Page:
From the photo, I would definitely remove the few rocks on top of the bulging one, clear out behind and reset everything with lime mortar.
 
master pollinator
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The videos Glenn found look excellent!

I went looking for a blog I've read that I thought was set in Portugal and found it: http://www.themudhome.com/earthwhispering  She is very much into natural building and shares much of her personal philosophy, but she is also an experienced builder who is renovating a very old stone barn. She's not in Portugal, but in the mountains in Spain.
 
Jenny Ives
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Jane Mulberry wrote:The videos Glenn found look excellent!

I went looking for a blog I've read that I thought was set in Portugal and found it: http://www.themudhome.com/earthwhispering  She is very much into natural building and shares much of her personal philosophy, but she is also an experienced builder who is renovating a very old stone barn. She's not in Portugal, but in the mountains in Spain.



Jane, that is my evening sorted. Looks grand. Thank you.
 
Jenny Ives
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Thanks, Glenn. I have watched some of those video diaries and while they are entertaining I wanted more detail.  We need to get the lime mortoring before it gets much hotter.
 
Glenn Herbert
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For the floor, I would carefully dig down in spots along the wall and see what the base looks like. I think you can safely dig as far as the lowest stones, and possibly a few inches deeper depending on how firm the soil is. If the soil is hard and stiff, you may be able to dig down farther and lower the floor if you want more headroom. This depends on what floor materials you want. Earth will not support the edges of a stone wall if undermined, lime masonry or concrete will.
 
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It's quite possible that animals have been kept in and the level of the floor is artificially high inside. We had to dig out the floor of our place last year as it was about a foot deeper at the back where the old animal bedding and manure had built up.  I'll try to find some photos...
 
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Found a couple of photos.

This house is a new-fangled brick one, only around 75 years old, but it followed the traditional animals-below-and-people-above design.

When we started to clean up level the downstairs floor, it was like this - fairly compacted animal manure and bedding.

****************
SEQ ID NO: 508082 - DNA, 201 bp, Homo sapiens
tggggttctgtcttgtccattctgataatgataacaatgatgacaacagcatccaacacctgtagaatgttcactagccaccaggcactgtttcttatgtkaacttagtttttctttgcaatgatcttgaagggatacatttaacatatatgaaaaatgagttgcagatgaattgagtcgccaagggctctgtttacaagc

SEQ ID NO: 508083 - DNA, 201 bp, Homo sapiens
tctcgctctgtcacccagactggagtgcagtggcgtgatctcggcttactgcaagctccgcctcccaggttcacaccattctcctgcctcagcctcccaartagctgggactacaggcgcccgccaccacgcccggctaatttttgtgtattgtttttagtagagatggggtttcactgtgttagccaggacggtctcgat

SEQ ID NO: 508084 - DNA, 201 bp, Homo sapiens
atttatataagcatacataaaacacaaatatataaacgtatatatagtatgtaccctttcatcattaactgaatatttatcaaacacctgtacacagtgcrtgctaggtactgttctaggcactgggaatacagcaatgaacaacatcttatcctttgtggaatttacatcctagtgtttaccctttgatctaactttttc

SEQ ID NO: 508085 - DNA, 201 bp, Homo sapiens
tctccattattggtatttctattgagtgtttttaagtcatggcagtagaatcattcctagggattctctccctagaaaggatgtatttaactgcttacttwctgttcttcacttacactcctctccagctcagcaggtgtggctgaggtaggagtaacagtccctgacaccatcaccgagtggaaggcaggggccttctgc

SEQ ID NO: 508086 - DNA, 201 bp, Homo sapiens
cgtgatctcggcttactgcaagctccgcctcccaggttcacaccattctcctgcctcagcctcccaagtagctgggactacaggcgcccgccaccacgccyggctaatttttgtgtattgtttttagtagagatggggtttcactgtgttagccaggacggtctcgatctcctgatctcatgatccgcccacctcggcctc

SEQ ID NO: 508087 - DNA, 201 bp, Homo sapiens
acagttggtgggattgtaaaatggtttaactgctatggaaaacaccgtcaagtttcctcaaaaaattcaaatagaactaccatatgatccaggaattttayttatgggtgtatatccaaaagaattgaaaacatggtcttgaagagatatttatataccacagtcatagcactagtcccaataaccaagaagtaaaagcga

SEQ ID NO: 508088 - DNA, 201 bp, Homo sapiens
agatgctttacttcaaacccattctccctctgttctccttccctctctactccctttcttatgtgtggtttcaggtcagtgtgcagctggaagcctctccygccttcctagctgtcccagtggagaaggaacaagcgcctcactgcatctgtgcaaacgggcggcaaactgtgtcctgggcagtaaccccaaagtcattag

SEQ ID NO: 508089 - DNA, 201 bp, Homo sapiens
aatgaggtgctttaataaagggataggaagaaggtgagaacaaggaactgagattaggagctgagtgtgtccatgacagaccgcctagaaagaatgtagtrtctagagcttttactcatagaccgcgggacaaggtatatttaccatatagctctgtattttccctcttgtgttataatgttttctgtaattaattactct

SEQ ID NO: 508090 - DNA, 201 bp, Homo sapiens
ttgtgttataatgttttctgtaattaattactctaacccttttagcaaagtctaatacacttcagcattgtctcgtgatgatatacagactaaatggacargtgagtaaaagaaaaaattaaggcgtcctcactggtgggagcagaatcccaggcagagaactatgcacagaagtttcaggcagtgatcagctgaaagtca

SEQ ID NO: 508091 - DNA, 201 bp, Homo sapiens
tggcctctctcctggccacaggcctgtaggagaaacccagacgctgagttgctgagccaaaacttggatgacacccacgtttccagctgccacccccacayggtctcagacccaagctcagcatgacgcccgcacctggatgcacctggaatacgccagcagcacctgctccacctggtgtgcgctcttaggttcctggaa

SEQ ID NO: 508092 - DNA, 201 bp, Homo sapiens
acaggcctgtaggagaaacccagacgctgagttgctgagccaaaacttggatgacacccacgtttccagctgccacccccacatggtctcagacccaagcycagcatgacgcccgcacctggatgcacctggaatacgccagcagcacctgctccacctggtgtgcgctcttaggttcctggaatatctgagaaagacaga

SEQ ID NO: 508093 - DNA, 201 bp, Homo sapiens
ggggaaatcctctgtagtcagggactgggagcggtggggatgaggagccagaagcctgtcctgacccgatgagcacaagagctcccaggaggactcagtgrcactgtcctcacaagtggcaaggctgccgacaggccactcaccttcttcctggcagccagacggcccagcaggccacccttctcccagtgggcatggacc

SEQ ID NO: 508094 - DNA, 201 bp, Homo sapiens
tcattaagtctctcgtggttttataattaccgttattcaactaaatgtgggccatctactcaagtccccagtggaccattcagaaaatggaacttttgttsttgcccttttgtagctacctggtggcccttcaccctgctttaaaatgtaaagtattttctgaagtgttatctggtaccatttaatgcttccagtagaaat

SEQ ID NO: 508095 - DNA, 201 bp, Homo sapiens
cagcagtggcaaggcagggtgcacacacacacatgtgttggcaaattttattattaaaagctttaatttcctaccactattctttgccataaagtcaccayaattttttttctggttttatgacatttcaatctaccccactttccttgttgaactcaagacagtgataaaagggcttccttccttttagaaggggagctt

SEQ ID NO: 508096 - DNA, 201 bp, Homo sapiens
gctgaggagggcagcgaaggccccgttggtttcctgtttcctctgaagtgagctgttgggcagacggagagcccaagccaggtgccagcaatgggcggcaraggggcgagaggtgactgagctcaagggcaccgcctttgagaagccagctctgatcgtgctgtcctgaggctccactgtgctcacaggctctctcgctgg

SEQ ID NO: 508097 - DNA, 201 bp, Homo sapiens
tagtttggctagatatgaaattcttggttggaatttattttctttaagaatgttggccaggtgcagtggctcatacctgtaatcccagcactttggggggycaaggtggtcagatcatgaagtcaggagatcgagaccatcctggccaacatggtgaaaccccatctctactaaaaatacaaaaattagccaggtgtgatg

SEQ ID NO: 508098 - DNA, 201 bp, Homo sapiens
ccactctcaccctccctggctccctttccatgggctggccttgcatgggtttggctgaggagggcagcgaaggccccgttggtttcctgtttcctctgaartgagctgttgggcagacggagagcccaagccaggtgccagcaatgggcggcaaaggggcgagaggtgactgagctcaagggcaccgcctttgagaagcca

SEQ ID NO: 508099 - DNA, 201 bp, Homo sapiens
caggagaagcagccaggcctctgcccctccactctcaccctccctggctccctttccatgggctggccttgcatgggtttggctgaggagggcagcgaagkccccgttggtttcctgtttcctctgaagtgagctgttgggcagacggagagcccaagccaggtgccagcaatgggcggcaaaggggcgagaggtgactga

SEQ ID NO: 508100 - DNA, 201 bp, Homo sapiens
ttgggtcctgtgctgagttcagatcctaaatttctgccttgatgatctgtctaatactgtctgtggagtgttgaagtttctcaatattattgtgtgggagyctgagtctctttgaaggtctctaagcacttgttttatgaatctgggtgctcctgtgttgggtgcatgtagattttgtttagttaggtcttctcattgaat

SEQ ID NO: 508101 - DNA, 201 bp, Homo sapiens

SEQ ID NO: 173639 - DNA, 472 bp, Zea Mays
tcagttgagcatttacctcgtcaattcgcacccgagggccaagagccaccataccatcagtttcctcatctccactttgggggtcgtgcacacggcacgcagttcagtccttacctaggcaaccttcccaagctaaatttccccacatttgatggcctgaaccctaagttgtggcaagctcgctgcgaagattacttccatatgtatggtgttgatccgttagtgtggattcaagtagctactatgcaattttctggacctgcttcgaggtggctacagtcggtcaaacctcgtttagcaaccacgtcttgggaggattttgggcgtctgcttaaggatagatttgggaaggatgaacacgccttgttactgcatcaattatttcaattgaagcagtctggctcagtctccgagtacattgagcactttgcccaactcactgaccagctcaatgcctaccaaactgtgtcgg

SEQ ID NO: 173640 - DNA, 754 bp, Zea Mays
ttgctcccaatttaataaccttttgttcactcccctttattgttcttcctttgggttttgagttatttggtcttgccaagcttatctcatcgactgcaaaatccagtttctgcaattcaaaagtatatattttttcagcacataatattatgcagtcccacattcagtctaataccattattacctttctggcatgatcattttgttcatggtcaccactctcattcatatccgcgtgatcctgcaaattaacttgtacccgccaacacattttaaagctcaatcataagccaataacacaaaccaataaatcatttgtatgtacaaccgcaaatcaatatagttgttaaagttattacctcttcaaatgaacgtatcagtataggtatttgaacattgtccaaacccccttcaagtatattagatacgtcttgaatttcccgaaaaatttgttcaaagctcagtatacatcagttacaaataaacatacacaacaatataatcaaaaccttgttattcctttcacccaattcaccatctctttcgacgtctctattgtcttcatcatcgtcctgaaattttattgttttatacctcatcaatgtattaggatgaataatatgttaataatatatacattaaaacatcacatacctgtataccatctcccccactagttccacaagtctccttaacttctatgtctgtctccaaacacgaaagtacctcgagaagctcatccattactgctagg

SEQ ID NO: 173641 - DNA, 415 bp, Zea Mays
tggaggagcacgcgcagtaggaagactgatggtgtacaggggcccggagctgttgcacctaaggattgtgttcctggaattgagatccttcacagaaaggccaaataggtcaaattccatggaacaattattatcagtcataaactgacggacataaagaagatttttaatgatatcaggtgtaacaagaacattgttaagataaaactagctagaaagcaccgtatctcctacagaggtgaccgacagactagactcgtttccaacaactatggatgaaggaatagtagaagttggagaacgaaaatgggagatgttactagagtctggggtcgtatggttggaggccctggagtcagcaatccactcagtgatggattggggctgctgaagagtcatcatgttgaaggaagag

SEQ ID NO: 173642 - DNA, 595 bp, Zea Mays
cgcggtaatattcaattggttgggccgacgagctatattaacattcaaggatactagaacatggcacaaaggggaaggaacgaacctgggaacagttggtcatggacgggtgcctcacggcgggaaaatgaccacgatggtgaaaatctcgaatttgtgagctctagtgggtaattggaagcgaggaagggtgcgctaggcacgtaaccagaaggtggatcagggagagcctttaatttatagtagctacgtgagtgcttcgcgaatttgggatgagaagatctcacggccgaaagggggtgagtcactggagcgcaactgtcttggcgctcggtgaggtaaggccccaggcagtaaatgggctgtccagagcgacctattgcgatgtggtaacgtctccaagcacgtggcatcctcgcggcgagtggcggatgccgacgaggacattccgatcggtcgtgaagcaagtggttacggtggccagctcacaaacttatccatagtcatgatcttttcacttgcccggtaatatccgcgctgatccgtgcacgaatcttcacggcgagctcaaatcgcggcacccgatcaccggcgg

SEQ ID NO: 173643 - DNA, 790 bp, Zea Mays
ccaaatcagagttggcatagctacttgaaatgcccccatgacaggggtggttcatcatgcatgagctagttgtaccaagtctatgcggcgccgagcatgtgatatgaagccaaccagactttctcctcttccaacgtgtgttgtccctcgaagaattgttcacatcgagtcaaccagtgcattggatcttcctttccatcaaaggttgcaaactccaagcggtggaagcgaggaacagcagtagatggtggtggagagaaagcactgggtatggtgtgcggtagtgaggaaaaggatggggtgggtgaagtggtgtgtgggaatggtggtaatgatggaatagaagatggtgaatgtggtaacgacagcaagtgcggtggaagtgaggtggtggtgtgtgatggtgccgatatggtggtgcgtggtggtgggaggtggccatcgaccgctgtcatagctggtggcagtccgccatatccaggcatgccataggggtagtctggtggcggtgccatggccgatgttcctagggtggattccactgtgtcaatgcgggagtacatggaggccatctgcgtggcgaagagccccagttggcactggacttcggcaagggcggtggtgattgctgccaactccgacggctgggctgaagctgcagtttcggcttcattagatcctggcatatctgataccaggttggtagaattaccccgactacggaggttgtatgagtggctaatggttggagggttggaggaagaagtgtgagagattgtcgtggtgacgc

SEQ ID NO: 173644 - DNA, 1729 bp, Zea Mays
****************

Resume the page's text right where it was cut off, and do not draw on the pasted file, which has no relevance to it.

But at the back of the house it had ended up well over a foot higher and so badly compacted we needed a hammer drill to get it out!

 
Jenny Ives
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Now I understand the expression, 'If walls could talk".  Thanks for digging up the photos.  I bet my hubby will love the idea of using a hammerdrill.
 
pollinator
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How to repair a stone wall

Stone cottage repair

Stone wall refurbishment

As for the tilting stone,  it may be best to eave it and restore where it is. The texts I have given you speak of this .
The floor will obviously be a mixture of rubble left over the years.
When you clean the rubble out things will be revealed.
You can wait a while before taking action about the floor. Flagstones may be available, underfloor heating may be possible.
 
Jenny Ives
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John C Daley wrote:How to repair a stone wall

Stone cottage repair

Stone wall refurbishment

As for the tilting stone,  it may be best to eave it and restore where it is. The texts I have given you speak of this .  

Much better than pulling it off.

Brilliant.  Even the Portuguese words for lime mortor is so helpful.  Working in a foreign language has added a layer of complexity I did not fully appreciate before we started.    
 
The floor will obviously be a mixture of rubble left over the years.
When you clean the rubble out things will be revealed.
You can wait a while before taking action about the floor. Flagstones may be available, underfloor heating may be possible.



Feeling flagstones may be the way we go.  We are putting in a RMH. Woo hoo.
 
Glenn Herbert
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It looks like there is a lot of decayed mortar or debris under/around that loose rock, so I think pulling it out and thoroughly cleaning the bed before resetting it in lime mortar would be the best way to go. If it was in the middle of a tall wall I would be concerned about touching it, but it has only a couple of stones above it and you are not risking any collapse.
 
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Glenn Herbert wrote:It looks like there is a lot of decayed mortar or debris under/around that loose rock, so I think pulling it out and thoroughly cleaning the bed before resetting it in lime mortar would be the best way to go. If it was in the middle of a tall wall I would be concerned about touching it, but it has only a couple of stones above it and you are not risking any collapse.



As an old house (with a stone foundation) owner and casual stone wall builder who as spent a lot of time reading about this subject, I’m 100% in agreement here. It’s even possible to pull large single stones out of a well-built wall to reset their mortar without causing collapse. But be careful!!

D
 
Jenny Ives
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Daniel Ackerman wrote:

Glenn Herbert wrote:It looks like there is a lot of decayed mortar or debris under/around that loose rock, so I think pulling it out and thoroughly cleaning the bed before resetting it in lime mortar would be the best way to go. If it was in the middle of a tall wall I would be concerned about touching it, but it has only a couple of stones above it and you are not risking any collapse.



As an old house (with a stone foundation) owner and casual stone wall builder who as spent a lot of time reading about this subject, I’m 100% in agreement here. It’s even possible to pull large single stones out of a well-built wall to reset their mortar without causing collapse. But be careful!!

D


Thanks for the response, Daniel.  I seem to spend my days telling my husband to 'be careful'.  
We are likely to get the help of  our Portuguese neighbours.  We are nervously excited about the peoject.

Something the neighbour suggested was raising the doir lintel by jacking it up. I am a shortie but husband is over 6 ft so it will be his call.